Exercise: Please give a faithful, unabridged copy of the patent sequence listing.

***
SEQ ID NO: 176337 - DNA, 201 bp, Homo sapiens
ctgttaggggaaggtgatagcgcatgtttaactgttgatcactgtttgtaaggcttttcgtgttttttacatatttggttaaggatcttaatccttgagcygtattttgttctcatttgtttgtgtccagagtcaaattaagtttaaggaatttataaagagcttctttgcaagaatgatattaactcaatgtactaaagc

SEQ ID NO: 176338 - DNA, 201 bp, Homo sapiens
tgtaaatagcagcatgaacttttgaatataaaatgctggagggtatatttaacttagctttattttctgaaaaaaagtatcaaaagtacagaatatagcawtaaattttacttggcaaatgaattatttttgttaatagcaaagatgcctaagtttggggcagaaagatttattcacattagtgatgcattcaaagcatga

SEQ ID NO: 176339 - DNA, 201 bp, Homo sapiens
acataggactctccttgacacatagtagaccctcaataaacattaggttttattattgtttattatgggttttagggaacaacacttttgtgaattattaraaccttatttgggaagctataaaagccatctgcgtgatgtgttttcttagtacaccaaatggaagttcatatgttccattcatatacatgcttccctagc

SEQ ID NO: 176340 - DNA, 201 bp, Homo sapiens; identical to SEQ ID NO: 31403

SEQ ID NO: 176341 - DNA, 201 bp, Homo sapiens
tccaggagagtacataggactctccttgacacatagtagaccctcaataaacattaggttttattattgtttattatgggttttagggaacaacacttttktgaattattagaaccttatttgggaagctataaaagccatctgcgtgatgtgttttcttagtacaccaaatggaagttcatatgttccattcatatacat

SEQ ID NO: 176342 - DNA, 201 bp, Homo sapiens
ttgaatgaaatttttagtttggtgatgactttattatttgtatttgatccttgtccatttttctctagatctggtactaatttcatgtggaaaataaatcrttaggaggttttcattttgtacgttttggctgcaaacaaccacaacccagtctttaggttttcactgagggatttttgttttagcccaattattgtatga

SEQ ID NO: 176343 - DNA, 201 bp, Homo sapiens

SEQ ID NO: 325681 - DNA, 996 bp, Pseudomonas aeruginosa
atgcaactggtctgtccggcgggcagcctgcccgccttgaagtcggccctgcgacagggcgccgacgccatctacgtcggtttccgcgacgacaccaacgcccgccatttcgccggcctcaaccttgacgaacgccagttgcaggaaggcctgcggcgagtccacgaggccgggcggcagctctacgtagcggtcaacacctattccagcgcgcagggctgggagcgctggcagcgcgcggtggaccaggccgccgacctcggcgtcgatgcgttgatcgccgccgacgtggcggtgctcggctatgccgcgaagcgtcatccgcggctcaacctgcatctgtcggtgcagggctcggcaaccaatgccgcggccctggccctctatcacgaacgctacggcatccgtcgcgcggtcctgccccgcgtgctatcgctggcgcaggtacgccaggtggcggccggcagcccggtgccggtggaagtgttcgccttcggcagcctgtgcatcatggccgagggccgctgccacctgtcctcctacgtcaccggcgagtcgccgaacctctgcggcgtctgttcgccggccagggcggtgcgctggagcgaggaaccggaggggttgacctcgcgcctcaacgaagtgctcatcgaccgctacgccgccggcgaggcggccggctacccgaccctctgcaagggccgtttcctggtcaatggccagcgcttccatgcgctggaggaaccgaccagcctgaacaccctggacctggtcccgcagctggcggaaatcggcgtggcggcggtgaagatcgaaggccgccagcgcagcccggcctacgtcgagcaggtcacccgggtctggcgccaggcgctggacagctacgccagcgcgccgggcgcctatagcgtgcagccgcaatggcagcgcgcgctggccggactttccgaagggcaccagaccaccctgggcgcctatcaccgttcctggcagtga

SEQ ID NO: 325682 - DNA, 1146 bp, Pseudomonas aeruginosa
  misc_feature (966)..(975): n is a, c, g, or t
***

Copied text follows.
SEQ ID NO: 176337 - DNA, 201 bp, Homo sapiens
ctgttaggggaaggtgatagcgcatgtttaactgttgatcactgtttgtaaggcttttcgtgttttttacatatttggttaaggatcttaatccttgagcygtattttgttctcatttgtttgtgtccagagtcaaattaagtttaaggaatttataaagagcttctttgcaagaatgatattaactcaatgtactaaagc

SEQ ID NO: 176338 - DNA, 201 bp, Homo sapiens
tgtaaatagcagcatgaacttttgaatataaaatgctggagggtatatttaacttagctttattttctgaaaaaaagtatcaaaagtacagaatatagcawtaaattttacttggcaaatgaattatttttgttaatagcaaagatgcctaagtttggggcagaaagatttattcacattagtgatgcattcaaagcatga

SEQ ID NO: 176339 - DNA, 201 bp, Homo sapiens
acataggactctccttgacacatagtagaccctcaataaacattaggttttattattgtttattatgggttttagggaacaacacttttgtgaattattaraaccttatttgggaagctataaaagccatctgcgtgatgtgttttcttagtacaccaaatggaagttcatatgttccattcatatacatgcttccctagc

SEQ ID NO: 176340 - DNA, 201 bp, Homo sapiens; identical to SEQ ID NO: 31403

SEQ ID NO: 176341 - DNA, 201 bp, Homo sapiens
tccaggagagtacataggactctccttgacacatagtagaccctcaataaacattaggttttattattgtttattatgggttttagggaacaacacttttktgaattattagaaccttatttgggaagctataaaagccatctgcgtgatgtgttttcttagtacaccaaatggaagttcatatgttccattcatatacat

SEQ ID NO: 176342 - DNA, 201 bp, Homo sapiens
ttgaatgaaatttttagtttggtgatgactttattatttgtatttgatccttgtccatttttctctagatctggtactaatttcatgtggaaaataaatcrttaggaggttttcattttgtacgttttggctgcaaacaaccacaacccagtctttaggttttcactgagggatttttgttttagcccaattattgtatga

SEQ ID NO: 176343 - DNA, 201 bp, Homo sapiens

SEQ ID NO: 325681 - DNA, 996 bp, Pseudomonas aeruginosa
atgcaactggtctgtccggcgggcagcctgcccgccttgaagtcggccctgcgacagggcgccgacgccatctacgtcggtttccgcgacgacaccaacgcccgccatttcgccggcctcaaccttgacgaacgccagttgcaggaaggcctgcggcgagtccacgaggccgggcggcagctctacgtagcggtcaacacctattccagcgcgcagggctgggagcgctggcagcgcgcggtggaccaggccgccgacctcggcgtcgatgcgttgatcgccgccgacgtggcggtgctcggctatgccgcgaagcgtcatccgcggctcaacctgcatctgtcggtgcagggctcggcaaccaatgccgcggccctggccctctatcacgaacgctacggcatccgtcgcgcggtcctgccccgcgtgctatcgctggcgcaggtacgccaggtggcggccggcagcccggtgccggtggaagtgttcgccttcggcagcctgtgcatcatggccgagggccgctgccacctgtcctcctacgtcaccggcgagtcgccgaacctctgcggcgtctgttcgccggccagggcggtgcgctggagcgaggaaccggaggggttgacctcgcgcctcaacgaagtgctcatcgaccgctacgccgccggcgaggcggccggctacccgaccctctgcaagggccgtttcctggtcaatggccagcgcttccatgcgctggaggaaccgaccagcctgaacaccctggacctggtcccgcagctggcggaaatcggcgtggcggcggtgaagatcgaaggccgccagcgcagcccggcctacgtcgagcaggtcacccgggtctggcgccaggcgctggacagctacgccagcgcgccgggcgcctatagcgtgcagccgcaatggcagcgcgcgctggccggactttccgaagggcaccagaccaccctgggcgcctatcaccgttcctggcagtga

SEQ ID NO: 325682 - DNA, 1146 bp, Pseudomonas aeruginosa
  misc_feature (966)..(975): n is a, c, g, or t